COLUMBUS - Gov. Ted Strickland said yesterday he will oppose his own party and political base to fight a ballot issue to make Ohio the first state in the nation to mandate paid sick leave for most workers.
The move places the governor at odds with a coalition that includes the Ohio Democratic Party and powerful unions like the Service Employees International Union that is on course to put the question before voters on the Nov. 14 ballot. It also allies him with the business community and the Republican-controlled General Assembly, which have characterized the proposal as a job-killer.
The governor and Lt. Gov. Lee Fisher took their stance after months of straddling the fence, trying to fashion a compromise between the coalition and the business community that could have made the ballot issue unnecessary.
"While we would hope that all Ohio businesses would make paid sick days available to their employees whenever possible, we believe that this initiative is unworkable, unwieldy, and would be detrimental to Ohio's economy, and we will be opposing it and asking Ohioans to oppose it as a result," the two said in a written statement.
It remains to be seen how active Mr. Strickland and Mr. Fisher will be in their opposition, including whether they would appear in ads for opponents of what would be Issue 4.
"Those are decisions that will have to be made in the future," said Strickland spokesman Keith Dailey. "The governor very clearly stated his opposition and his plan to ask Ohioans to oppose it. That's a clear position of opposition that will hopefully reverberate over the course of the campaign."
The Ohioans for Healthy Families coalition is awaiting word from the Secretary of State's office whether its petitions have qualified the question for the ballot.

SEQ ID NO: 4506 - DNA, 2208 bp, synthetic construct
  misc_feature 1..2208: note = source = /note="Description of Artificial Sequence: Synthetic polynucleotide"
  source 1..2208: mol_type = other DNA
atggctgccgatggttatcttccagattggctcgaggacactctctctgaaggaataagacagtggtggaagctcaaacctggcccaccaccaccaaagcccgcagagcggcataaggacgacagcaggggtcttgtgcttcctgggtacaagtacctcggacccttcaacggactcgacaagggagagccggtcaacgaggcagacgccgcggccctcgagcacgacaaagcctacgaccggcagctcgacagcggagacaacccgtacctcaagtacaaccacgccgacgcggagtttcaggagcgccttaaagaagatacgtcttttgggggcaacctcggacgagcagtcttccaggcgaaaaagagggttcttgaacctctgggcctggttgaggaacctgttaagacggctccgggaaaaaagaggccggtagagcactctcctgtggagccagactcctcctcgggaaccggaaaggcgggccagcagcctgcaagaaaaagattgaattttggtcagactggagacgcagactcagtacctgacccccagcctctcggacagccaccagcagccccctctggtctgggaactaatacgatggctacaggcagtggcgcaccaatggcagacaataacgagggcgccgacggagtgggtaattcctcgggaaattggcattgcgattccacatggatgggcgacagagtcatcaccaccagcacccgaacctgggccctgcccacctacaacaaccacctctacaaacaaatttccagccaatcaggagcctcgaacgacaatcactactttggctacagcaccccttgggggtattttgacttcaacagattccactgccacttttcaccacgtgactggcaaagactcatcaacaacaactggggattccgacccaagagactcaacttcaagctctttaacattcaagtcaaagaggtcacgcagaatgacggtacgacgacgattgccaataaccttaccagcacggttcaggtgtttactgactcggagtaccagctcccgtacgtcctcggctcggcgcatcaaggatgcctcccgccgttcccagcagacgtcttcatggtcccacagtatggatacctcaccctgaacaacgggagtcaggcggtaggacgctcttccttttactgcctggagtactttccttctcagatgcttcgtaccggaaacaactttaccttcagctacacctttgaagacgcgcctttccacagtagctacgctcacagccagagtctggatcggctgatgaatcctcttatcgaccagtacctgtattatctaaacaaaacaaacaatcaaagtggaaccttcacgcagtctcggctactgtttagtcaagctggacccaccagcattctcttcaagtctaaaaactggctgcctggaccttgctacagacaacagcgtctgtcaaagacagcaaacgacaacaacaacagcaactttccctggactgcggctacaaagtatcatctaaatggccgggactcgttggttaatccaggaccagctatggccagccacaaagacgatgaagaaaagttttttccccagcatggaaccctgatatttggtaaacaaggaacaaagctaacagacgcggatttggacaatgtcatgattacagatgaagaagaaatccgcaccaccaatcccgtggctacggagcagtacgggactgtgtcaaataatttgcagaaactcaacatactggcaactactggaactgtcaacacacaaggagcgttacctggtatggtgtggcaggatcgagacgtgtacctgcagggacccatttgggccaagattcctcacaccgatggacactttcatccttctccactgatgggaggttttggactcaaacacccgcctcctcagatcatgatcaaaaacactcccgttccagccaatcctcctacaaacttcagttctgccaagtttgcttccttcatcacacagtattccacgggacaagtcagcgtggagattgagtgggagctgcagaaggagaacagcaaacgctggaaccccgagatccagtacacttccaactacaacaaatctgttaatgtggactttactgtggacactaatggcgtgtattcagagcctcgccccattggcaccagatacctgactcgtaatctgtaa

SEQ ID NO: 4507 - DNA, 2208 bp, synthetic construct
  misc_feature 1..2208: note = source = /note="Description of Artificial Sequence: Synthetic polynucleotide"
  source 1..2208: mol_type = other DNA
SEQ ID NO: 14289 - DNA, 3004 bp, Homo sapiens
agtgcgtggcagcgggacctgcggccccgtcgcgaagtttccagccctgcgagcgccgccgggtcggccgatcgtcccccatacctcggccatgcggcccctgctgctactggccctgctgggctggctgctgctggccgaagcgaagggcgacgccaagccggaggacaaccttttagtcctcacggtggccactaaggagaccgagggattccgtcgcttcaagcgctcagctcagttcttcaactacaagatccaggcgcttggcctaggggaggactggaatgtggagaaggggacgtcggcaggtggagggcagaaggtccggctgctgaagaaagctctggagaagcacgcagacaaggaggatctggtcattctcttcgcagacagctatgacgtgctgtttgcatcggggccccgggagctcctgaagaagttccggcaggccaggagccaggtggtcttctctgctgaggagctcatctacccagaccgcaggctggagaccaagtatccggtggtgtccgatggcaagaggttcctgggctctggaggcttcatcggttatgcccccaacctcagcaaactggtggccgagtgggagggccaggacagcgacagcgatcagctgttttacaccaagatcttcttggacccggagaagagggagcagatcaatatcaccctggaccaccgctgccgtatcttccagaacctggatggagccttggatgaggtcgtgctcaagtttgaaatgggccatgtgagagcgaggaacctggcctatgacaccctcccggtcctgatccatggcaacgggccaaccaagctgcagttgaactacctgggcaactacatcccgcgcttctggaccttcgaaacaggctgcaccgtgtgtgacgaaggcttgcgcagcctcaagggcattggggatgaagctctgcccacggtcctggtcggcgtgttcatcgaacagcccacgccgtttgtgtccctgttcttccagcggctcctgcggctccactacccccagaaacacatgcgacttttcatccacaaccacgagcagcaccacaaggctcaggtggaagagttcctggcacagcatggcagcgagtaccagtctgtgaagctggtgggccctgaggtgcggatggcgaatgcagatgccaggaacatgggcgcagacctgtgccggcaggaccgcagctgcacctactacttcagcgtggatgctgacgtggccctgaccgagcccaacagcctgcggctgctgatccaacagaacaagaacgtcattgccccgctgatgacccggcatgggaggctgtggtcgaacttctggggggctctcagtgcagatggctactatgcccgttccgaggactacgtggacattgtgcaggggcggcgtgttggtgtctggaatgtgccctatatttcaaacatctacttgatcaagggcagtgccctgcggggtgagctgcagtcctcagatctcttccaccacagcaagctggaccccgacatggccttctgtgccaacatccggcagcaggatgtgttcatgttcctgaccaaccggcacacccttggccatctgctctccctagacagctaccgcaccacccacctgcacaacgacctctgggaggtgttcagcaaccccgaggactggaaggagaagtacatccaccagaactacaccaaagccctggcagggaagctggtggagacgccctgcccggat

The proposed law would require employers with 25 or more employees to allow workers to earn up to seven paid days of sick leave each year to care for themselves, their children, their spouses, their parents, or in-laws. Part-time workers putting in fewer than 30 hours a week would receive a pro-rated share of paid leave.
"We like the governor and respect him immensely, but on this one, we think he's wrong," said Dale Butland, spokesman for Ohioans for Healthy Families, which backs the proposal.
"In our view, the Healthy Families Act is not only workable, but absolutely necessary for the 2.2 million Ohioans without paid sick days who work hard, play by the rules, and don't want to lose a job or a paycheck simply because they or their family members occasionally get sick," he said.
Mr. Strickland's announcement was made the same day that the governor and lieutenant governor appeared at General Motors' Lordstown plant, where the automaker provided an early glimpse at what it hopes is its future, a fuel-efficient auto to be manufactured at that plant.
It was a chance to highlight good economic news at a time when Ohio is bleeding jobs, unemployment has surpassed 7 percent, and the governor has personally written editorial pieces to national publications defending the state's business climate.
"This reality means that there will be a hard-fought campaign centering on this initiative in the coming months," Mr. Strickland said. "During that campaign, we call upon both sides to avoid portraying Ohio as unfriendly to business and economic development."
The National Federation of Independent Business, whose study claims mandatory paid sick leave could sap the economy of as many as 75,000 jobs, applauded the governor's decision.
"This demonstrates [Mr. Strickland's] commitment to turning around Ohio's economy and creating jobs," said Ty Pine, Ohio director of the 25,000-member National Federation of Independent Business. "As an elected official, we know it's not easy to go against your constituent bases, and we appreciate the governor joining the opposition."
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